Once the problem is seen, whether the breakdown is with executives or middle managers, little is done about it. In fact, when Sull and his team took a closer look at the data the entire concept of collaboration and getting others to do the right things is lost in their reviews. They discovered individual actions are what affect most employee performance reports; collaboration generally has little weight. In more personal terms, as long as your boss can see that you got something done, it matters little what the team did.
No Wonder So Many Projects Struggle
This goes to the heart of what causes project failure. It transcends initiative size, an organization’s experience, and project complexity. How can a project achieve company goals if neither project managers nor their bosses know what those goals are? The CEO, or an executive team, can set the goals but there needs to be accountability for translating the goals into executable projects. Furthermore, as businesses try to adapt to business environment changes, projects have to change at the same pace. These changes need to be marshalled down the “project execution stack” and converted into new directions for every project—even if that means canceling a project or two. If the middle-management tier does not know the direction or cannot communicate it, no one can make the tough decisions required. The result is projects will always struggle to be successful.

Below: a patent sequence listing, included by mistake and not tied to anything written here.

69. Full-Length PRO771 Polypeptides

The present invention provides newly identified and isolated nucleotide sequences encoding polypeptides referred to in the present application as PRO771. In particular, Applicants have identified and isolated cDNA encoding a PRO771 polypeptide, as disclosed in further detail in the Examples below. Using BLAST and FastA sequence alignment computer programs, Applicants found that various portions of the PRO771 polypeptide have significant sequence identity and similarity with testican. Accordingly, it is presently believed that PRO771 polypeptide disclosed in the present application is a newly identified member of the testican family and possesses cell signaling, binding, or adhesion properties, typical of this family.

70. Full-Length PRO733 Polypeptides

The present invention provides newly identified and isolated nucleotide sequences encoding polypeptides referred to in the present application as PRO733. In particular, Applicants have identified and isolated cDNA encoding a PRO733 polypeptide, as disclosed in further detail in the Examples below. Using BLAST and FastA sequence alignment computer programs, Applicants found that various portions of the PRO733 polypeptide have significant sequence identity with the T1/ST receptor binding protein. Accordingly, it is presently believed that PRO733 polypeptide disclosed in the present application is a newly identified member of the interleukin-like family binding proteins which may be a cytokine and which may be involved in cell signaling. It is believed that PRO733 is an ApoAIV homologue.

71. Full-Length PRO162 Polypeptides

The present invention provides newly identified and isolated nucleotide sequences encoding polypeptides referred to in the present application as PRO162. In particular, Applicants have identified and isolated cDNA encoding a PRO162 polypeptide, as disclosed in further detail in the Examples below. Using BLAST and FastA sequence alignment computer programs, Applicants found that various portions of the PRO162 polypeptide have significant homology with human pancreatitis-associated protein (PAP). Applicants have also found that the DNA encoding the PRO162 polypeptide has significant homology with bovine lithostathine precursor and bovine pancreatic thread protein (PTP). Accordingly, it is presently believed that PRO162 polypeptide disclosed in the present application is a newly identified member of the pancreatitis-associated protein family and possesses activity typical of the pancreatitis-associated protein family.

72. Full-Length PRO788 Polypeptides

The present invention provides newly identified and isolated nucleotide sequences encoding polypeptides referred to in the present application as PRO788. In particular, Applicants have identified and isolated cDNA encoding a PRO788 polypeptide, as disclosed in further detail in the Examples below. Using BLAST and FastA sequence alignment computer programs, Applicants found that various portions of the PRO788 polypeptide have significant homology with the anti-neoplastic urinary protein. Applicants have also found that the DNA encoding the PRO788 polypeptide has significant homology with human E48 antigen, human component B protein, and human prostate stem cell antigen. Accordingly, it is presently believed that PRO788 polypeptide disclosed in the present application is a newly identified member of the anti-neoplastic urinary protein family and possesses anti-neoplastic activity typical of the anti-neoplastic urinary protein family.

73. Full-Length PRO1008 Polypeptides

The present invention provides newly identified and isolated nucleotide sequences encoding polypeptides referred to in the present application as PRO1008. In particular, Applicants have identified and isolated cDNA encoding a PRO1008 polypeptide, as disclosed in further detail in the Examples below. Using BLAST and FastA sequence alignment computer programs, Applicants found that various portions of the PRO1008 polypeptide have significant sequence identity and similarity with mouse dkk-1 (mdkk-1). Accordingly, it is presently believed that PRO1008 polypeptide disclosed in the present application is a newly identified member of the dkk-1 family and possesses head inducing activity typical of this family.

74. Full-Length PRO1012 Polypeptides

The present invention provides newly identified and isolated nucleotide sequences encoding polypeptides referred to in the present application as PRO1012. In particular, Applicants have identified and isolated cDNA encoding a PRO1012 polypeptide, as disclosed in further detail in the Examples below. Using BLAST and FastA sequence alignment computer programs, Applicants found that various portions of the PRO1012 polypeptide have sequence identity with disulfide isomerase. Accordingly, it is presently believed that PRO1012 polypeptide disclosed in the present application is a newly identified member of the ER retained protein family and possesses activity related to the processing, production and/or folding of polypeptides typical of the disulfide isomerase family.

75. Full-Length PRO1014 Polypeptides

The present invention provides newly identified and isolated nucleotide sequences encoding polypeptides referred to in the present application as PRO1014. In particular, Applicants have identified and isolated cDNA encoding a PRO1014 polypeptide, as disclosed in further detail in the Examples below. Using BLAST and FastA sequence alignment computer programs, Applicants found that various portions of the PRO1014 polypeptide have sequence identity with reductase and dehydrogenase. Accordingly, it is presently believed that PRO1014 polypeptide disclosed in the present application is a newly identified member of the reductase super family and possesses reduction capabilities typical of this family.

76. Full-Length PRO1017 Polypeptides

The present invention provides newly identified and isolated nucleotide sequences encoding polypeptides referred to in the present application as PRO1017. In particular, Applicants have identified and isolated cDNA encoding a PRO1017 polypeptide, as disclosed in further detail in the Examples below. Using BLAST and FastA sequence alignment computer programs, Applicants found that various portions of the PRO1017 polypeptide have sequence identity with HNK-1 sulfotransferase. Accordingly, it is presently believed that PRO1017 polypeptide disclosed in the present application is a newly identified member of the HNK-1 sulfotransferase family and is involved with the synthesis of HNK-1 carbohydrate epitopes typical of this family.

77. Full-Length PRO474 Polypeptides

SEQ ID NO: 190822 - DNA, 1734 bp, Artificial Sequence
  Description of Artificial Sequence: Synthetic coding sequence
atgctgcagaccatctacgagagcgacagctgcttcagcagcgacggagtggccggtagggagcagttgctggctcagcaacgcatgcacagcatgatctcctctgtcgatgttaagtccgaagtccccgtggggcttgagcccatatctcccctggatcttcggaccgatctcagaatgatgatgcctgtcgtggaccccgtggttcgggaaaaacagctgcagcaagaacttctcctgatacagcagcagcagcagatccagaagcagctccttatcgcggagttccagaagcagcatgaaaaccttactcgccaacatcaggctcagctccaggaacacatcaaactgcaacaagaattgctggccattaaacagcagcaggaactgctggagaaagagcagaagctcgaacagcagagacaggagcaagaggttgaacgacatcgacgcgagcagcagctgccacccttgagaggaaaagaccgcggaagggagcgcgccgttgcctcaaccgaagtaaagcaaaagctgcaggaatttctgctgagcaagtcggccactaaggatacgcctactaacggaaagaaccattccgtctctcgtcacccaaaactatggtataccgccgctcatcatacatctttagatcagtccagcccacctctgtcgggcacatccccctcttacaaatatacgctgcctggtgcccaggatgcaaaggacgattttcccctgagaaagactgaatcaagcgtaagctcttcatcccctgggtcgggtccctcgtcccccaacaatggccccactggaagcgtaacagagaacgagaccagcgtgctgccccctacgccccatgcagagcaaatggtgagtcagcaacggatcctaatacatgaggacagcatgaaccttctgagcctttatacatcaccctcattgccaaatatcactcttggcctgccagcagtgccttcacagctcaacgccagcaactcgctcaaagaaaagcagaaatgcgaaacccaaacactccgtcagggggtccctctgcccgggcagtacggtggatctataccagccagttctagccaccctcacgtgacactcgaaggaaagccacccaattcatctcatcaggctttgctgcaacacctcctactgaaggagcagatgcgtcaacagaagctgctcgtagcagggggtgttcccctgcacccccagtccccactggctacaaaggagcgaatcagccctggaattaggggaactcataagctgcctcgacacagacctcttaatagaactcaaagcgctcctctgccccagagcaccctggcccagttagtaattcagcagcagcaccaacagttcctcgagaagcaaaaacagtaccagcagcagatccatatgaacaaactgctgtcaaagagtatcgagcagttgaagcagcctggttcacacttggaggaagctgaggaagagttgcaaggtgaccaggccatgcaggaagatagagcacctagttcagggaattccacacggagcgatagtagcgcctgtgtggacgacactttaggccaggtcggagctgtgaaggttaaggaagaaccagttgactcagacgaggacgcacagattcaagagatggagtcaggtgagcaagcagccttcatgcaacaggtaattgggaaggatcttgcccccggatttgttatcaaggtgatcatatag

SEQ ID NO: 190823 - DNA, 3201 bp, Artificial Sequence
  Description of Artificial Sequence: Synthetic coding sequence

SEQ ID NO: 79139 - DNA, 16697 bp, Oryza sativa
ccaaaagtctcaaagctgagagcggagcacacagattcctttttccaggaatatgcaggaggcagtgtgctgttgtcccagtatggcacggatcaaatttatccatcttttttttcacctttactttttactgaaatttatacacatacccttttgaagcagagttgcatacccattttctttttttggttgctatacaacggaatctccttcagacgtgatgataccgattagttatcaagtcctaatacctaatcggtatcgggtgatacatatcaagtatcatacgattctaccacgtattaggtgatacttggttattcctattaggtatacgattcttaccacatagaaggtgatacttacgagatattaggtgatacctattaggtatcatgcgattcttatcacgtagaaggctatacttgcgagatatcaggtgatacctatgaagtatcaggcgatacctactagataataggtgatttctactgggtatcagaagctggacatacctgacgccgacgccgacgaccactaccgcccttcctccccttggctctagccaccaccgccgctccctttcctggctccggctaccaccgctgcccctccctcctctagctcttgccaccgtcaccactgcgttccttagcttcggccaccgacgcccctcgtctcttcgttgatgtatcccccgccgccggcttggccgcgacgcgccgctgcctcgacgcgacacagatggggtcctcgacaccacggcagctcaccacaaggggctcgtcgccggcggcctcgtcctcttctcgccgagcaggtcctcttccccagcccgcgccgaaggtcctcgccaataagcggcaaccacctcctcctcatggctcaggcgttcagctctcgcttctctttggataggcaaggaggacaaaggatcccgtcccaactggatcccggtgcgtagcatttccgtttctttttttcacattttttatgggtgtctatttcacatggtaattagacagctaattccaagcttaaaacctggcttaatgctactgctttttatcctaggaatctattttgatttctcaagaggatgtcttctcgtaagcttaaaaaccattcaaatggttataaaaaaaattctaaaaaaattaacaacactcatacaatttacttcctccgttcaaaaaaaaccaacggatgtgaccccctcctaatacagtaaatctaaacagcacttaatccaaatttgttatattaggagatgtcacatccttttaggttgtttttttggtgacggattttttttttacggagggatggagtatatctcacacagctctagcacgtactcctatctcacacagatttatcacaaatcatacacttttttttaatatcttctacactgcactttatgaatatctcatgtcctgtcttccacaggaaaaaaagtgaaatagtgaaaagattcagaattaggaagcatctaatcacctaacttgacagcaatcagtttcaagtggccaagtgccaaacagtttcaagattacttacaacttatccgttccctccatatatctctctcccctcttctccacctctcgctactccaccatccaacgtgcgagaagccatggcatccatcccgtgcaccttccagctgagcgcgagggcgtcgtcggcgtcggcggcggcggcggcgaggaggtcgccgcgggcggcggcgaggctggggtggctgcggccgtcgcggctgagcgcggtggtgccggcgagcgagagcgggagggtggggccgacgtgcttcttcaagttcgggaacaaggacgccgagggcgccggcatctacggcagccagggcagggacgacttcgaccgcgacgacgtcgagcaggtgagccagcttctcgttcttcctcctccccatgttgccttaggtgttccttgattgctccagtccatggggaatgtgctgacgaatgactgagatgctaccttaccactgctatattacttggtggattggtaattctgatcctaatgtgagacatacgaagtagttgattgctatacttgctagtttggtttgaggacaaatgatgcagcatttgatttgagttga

Some companies use executive sponsors to shepherd projects down this road. This can be a great option for projects. However, even sponsors struggle in an environment with poor communication and accountability. Engaged executive sponsors can help address project issues, but they do little to solve the plight of functional and operational managers. Everyone in the organization has to have a clear picture of the company’s goals. The only way to solve the problem is with real leaders running the company who recruit leaders to work on their teams—leaders who make tough decisions. The senior executives need to be decisive and focused and foster those and other leadership traits throughout the company.